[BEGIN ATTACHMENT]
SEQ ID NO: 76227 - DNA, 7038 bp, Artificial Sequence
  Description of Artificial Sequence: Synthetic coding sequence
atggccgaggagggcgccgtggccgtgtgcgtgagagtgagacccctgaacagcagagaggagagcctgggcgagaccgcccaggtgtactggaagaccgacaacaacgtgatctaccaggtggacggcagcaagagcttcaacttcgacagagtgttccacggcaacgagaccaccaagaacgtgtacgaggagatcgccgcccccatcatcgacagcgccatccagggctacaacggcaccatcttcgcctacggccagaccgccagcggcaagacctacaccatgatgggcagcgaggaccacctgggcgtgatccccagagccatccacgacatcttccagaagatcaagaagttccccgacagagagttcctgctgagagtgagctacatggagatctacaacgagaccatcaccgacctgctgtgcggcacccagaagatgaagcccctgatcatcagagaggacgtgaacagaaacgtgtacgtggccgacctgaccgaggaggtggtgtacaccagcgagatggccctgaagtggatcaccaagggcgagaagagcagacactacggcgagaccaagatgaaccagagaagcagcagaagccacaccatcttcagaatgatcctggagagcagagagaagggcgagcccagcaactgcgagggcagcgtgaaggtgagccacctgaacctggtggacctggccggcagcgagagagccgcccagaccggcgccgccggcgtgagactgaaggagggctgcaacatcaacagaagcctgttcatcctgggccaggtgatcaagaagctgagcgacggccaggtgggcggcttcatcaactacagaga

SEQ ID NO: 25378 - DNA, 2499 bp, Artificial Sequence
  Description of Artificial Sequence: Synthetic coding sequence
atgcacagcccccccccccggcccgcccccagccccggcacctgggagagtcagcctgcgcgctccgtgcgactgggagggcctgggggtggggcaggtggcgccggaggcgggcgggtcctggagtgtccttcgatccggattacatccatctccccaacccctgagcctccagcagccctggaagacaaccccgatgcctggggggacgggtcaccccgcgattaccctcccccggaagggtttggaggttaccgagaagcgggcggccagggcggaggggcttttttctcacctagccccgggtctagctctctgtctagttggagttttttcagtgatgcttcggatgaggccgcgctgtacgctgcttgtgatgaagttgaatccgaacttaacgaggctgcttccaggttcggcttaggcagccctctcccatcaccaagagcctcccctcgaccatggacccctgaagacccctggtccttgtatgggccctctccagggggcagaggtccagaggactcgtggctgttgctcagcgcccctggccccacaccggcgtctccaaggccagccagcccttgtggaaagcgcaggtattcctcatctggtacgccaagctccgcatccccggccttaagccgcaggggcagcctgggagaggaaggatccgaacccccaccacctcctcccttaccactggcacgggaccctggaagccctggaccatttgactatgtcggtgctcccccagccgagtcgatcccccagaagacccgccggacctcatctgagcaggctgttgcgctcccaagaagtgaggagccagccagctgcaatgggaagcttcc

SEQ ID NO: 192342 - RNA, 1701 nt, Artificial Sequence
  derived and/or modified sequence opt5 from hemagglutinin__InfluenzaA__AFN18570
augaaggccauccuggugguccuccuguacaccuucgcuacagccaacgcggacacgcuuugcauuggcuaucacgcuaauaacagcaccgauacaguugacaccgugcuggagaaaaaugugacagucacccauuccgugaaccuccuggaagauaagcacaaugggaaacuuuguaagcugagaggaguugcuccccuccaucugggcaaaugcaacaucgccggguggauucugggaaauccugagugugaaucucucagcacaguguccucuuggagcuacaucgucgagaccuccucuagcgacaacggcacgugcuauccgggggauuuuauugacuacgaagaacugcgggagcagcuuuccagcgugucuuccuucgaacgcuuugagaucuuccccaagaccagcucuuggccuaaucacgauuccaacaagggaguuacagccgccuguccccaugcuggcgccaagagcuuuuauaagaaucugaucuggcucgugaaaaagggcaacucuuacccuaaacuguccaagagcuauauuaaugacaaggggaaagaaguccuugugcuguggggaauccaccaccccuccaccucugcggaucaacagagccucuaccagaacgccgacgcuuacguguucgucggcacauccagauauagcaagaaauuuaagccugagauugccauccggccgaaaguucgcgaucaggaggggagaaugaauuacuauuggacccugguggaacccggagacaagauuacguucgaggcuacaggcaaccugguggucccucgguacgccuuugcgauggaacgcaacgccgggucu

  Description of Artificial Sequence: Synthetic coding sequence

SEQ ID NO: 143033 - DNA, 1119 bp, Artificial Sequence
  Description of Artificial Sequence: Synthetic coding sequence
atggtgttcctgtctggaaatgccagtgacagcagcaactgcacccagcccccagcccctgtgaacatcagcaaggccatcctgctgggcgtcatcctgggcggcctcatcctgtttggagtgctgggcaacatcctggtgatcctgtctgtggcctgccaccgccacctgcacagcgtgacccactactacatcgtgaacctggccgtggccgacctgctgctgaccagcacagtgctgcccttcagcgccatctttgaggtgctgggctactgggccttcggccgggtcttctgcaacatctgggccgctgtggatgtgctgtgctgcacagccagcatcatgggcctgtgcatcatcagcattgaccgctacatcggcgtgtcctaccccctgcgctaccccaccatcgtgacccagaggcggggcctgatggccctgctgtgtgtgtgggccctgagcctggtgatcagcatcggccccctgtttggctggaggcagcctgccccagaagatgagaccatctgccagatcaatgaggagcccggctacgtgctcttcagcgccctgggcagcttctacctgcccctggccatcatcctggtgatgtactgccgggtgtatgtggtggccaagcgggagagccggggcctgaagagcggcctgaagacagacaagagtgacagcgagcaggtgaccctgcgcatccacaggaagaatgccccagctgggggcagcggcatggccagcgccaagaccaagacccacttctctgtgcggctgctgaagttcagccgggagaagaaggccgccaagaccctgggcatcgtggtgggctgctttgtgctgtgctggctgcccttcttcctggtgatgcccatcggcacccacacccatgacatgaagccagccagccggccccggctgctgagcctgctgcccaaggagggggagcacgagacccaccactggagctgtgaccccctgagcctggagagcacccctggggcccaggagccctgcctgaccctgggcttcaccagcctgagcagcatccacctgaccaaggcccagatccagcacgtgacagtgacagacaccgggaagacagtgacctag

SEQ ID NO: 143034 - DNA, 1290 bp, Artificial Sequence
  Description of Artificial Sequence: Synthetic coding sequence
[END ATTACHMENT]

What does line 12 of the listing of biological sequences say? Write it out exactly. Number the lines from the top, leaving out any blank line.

  Description of Artificial Sequence: Synthetic coding sequence